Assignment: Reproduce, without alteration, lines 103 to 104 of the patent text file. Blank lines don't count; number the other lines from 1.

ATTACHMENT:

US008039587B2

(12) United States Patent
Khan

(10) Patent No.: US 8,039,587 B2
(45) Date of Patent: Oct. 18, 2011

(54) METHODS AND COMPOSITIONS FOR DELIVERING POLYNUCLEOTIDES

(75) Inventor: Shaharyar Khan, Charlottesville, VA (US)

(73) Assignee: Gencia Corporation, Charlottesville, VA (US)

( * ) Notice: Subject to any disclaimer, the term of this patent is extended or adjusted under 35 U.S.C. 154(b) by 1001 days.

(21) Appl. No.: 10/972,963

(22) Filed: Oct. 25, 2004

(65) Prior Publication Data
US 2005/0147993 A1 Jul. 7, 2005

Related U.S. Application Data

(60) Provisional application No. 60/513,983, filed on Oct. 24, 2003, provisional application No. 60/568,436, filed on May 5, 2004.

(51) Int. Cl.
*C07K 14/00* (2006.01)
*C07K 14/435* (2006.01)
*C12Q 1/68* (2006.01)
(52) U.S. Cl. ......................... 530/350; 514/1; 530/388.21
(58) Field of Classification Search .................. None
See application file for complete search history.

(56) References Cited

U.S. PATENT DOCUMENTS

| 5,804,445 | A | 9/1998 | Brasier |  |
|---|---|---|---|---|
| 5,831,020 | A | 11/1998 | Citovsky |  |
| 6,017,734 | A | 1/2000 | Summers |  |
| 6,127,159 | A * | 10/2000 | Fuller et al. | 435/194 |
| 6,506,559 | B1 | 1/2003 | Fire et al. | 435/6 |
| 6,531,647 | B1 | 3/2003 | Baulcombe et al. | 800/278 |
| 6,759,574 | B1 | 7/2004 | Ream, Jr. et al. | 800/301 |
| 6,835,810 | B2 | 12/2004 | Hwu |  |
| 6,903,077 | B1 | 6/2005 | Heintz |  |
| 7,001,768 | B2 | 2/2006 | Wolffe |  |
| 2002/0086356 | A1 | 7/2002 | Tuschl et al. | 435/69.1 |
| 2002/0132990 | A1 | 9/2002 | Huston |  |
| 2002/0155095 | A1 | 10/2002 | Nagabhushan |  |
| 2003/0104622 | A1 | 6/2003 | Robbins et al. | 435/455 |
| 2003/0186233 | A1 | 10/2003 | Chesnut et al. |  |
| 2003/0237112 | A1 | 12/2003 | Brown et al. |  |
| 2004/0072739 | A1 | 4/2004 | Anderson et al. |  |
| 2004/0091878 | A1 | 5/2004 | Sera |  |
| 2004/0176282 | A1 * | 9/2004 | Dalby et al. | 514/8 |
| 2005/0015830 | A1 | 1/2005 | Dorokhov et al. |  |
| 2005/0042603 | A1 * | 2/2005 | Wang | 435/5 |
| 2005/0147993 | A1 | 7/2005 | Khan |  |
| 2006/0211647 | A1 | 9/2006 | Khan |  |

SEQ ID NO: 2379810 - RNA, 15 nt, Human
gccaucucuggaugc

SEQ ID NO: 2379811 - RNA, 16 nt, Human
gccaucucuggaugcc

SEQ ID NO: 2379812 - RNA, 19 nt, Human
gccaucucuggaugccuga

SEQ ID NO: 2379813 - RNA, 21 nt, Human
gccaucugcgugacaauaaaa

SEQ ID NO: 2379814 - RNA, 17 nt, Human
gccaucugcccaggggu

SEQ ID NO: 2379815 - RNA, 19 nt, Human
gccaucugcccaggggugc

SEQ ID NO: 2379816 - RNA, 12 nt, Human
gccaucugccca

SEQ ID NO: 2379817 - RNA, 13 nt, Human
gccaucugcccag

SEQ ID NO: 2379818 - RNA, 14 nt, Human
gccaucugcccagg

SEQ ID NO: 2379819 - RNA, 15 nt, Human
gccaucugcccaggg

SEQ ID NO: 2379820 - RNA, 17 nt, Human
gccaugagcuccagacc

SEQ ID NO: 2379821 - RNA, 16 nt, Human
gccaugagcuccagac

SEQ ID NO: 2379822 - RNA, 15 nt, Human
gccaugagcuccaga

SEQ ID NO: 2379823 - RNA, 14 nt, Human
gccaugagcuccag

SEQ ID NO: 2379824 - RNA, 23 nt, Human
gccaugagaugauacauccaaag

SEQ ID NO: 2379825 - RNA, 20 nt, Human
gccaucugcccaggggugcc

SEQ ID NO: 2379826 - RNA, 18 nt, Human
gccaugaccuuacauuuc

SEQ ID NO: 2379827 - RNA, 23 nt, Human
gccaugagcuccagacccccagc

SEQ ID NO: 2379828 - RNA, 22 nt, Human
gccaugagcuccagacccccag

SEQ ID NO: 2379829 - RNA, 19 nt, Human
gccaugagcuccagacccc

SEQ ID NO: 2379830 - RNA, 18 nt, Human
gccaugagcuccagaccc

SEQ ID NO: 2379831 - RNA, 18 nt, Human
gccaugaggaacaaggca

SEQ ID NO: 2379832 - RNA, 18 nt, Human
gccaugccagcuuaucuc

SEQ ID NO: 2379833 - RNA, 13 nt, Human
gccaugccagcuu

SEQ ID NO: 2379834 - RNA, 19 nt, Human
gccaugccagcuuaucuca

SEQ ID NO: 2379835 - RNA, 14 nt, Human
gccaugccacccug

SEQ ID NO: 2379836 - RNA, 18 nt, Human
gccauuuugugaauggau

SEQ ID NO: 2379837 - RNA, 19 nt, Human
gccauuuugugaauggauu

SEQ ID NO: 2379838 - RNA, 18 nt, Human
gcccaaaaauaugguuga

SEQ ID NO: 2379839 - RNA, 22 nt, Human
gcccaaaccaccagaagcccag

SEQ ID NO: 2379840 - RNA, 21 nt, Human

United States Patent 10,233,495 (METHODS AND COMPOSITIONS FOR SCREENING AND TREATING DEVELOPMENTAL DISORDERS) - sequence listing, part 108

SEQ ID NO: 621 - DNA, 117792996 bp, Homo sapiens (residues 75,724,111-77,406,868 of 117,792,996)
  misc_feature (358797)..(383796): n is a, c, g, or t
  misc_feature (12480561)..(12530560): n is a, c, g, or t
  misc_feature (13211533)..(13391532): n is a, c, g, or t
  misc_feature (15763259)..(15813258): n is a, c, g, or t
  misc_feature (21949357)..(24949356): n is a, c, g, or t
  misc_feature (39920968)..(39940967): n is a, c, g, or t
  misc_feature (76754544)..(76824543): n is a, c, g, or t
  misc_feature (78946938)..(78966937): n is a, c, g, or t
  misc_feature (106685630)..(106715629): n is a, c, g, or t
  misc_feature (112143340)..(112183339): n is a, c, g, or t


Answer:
SEQ ID NO: 2379837 - RNA, 19 nt, Human
gccauuuugugaauggauu